Didactic Approach to the Learning of Mathematics and Science Parents who participated in the group discussions identified use of inappropriate teaching methods as one of the factors that contribute to the low participation and performance of girls in Mathematics and Science. They felt that the teaching methods used were not practical enough and that teachers made little effort to relate the concepts learnt and the examples/illustrations used to real life, especially within the context of the pupils' own lives and environment. They felt this had a negative effect on pupils' interest and motivation to study SMT subjects. The entrepreneurial skills of market women, kiosk owners and street vendors involving quick-fire mathematical calculations; instant judgement of what is a good buy or a good sale; and the means of mathematical reckoning they use; the use of patterns in tailoring and dress-making as an example of symmetry; the kind of geometry involved in basket weaving, tile making, bead work, hair styles, so beautifully exemplified by Paulus Gerdes in his magnificence book Geometry From Africa, etc., are never mentioned in mathematics classes. All kinds of modern and complex mechanical examples of friction are quoted in science classes, but the grinding of grain into flour, carried out by millions of women every day is ignored.
The sentiments expressed by the parents were reinforced by the findings of the classroom observations carried out as part of the school studies. The findings, which were strikingly similar in all the countries, indicate that teachers favour teacher-centred, knowledge based teaching methods that leave little room for learners' participation. The most commonly used teaching methods at both primary and secondary level were found to be lecturing; question and answer; explanations of procedures and note giving, in that order. Little practical work is done due to shortage of equipment and consumables, and the development of a scientific way of thinking is abandoned in favour of the learning of nomenclature, definitions and stock standard procedures.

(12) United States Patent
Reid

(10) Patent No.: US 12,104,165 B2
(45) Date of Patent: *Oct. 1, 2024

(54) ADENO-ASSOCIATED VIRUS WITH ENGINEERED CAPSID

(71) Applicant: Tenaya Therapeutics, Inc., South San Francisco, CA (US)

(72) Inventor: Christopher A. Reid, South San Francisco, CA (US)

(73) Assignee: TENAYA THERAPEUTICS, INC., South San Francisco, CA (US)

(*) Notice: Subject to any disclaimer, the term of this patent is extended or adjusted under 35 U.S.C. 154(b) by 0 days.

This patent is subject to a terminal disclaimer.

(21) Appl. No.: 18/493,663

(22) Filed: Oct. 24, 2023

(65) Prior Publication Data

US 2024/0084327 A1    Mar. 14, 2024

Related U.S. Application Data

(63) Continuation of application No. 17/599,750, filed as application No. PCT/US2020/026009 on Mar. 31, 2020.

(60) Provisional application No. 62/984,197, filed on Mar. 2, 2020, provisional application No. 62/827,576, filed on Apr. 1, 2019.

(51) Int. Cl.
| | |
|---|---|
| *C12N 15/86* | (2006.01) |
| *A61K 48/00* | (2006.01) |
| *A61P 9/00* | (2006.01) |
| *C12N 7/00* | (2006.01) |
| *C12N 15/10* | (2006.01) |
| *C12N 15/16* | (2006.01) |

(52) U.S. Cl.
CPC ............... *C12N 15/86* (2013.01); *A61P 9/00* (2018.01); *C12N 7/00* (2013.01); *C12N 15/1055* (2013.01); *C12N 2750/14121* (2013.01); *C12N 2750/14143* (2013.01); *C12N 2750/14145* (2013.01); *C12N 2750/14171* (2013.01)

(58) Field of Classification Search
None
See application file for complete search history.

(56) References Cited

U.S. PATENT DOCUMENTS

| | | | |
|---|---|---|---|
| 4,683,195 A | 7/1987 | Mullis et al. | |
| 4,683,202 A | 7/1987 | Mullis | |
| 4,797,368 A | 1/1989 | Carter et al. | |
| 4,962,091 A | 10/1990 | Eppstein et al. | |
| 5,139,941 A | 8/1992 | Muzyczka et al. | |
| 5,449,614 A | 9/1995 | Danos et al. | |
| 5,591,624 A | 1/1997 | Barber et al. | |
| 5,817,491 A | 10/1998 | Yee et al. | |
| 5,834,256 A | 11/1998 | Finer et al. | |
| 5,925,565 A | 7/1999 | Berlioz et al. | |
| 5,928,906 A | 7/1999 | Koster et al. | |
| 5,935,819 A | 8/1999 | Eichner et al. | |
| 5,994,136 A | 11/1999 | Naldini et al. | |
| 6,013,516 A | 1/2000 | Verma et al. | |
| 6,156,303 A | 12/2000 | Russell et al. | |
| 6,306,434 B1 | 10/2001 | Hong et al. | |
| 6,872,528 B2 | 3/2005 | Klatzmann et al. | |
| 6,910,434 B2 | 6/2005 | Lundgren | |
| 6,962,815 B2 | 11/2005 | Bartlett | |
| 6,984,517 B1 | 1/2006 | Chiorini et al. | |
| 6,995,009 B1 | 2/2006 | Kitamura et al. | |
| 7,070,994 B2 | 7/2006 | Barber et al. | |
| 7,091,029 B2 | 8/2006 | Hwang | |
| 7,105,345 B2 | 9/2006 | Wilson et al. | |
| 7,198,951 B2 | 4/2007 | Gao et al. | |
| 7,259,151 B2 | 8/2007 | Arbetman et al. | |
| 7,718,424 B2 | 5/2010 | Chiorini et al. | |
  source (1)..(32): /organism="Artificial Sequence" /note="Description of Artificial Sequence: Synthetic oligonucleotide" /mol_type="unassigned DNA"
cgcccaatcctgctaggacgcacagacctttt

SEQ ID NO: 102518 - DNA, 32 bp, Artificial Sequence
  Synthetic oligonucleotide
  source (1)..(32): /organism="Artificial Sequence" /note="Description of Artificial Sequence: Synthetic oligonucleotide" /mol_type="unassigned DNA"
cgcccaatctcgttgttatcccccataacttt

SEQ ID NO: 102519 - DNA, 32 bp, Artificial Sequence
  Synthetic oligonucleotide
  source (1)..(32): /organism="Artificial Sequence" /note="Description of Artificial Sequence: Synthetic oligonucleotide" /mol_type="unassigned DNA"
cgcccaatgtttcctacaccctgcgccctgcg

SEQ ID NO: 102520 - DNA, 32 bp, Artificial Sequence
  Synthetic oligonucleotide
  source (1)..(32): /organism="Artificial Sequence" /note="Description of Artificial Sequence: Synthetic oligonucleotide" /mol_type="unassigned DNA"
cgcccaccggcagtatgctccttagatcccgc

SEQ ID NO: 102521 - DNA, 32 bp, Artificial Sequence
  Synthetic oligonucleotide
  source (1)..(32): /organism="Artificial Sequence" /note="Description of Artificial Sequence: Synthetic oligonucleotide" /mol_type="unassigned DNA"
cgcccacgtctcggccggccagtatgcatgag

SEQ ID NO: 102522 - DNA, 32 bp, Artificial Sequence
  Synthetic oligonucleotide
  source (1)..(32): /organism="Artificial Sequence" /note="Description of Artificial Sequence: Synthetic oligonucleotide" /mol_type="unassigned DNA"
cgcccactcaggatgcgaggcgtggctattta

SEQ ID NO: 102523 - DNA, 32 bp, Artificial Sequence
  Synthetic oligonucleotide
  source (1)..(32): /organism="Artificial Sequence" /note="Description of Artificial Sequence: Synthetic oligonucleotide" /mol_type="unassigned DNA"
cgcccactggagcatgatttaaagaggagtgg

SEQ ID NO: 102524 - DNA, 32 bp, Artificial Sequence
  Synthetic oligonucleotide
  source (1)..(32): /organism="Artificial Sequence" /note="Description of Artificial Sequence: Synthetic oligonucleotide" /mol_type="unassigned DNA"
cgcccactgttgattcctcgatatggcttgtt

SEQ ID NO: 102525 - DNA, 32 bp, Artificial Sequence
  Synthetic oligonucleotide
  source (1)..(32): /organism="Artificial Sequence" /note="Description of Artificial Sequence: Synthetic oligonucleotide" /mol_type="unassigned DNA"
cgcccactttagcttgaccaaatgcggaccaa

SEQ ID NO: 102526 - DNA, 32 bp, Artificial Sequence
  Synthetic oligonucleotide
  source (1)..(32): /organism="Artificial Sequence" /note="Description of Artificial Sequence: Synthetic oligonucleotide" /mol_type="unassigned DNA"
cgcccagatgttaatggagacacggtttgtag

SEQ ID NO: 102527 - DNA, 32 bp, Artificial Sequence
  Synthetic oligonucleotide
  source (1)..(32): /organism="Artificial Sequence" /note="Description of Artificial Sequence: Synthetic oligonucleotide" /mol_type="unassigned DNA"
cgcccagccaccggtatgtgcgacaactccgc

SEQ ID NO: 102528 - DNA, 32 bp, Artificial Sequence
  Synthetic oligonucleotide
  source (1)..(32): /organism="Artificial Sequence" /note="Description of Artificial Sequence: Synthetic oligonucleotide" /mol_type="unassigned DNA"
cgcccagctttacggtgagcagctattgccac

If we are to have meaningful and sustained development in sub-Saharan Africa, we cannot afford to deprive over half of the population of the region in virtually every country from the long-term and vitally essential benefits of SMT. We need not merely to increase the number of women engaged in careers as professional scientists, mathematicians and technologists and other science-based occupations, but to enable the ordinary peasant farmer to avail of the many new technologies, improved farming and animal husbandry techniques, simple labour saving devices, and increased knowledge of environment and soil and water conservation, and the basic knowledge to provide a healthy home and family. We must provide every girl with the basic scientific, mathematical and technological expertise which will enable her to better solve her everyday problems and enrich her life in the village and on the shamba.
Conclusion I have tried in this article to outline some of the ways in which teachers of SMT subjects create problems and difficulties for girls in their learning of SMT desciplines, as revealed in the FEMSA studies. I hope it will lead to some reflection on the part of SMT teachers, an examination of the approaches we bring to creating a learning environment for girls (and boys), a willingness to make these disciplines accessible to all students (and the girls' most consistent cry is Why can't they help us to understand?), and through a more thorough understanding of the problems help to alleviate the girls' difficulties. And I would like teacher educators to give serious thought to what might constitute the core ingredients of a girl friendly teaching/learning methodology, which could be introduced into normal classroom practice and both in-service and pre-service training of SMT teachers, and to sensitise their students to a realisation of the constraints and difficulties faced by girls in their learning of SMT, which are brought about by the attitudes and actions of teachers.
I would hope that in future articles I might have the opportunity to make known the kind of interventions which FEMSA has been implementing in order to improve the participation and performance of girls in SMT. I finish with a further quote from the Tanzania MTR report on the effects of these efforts.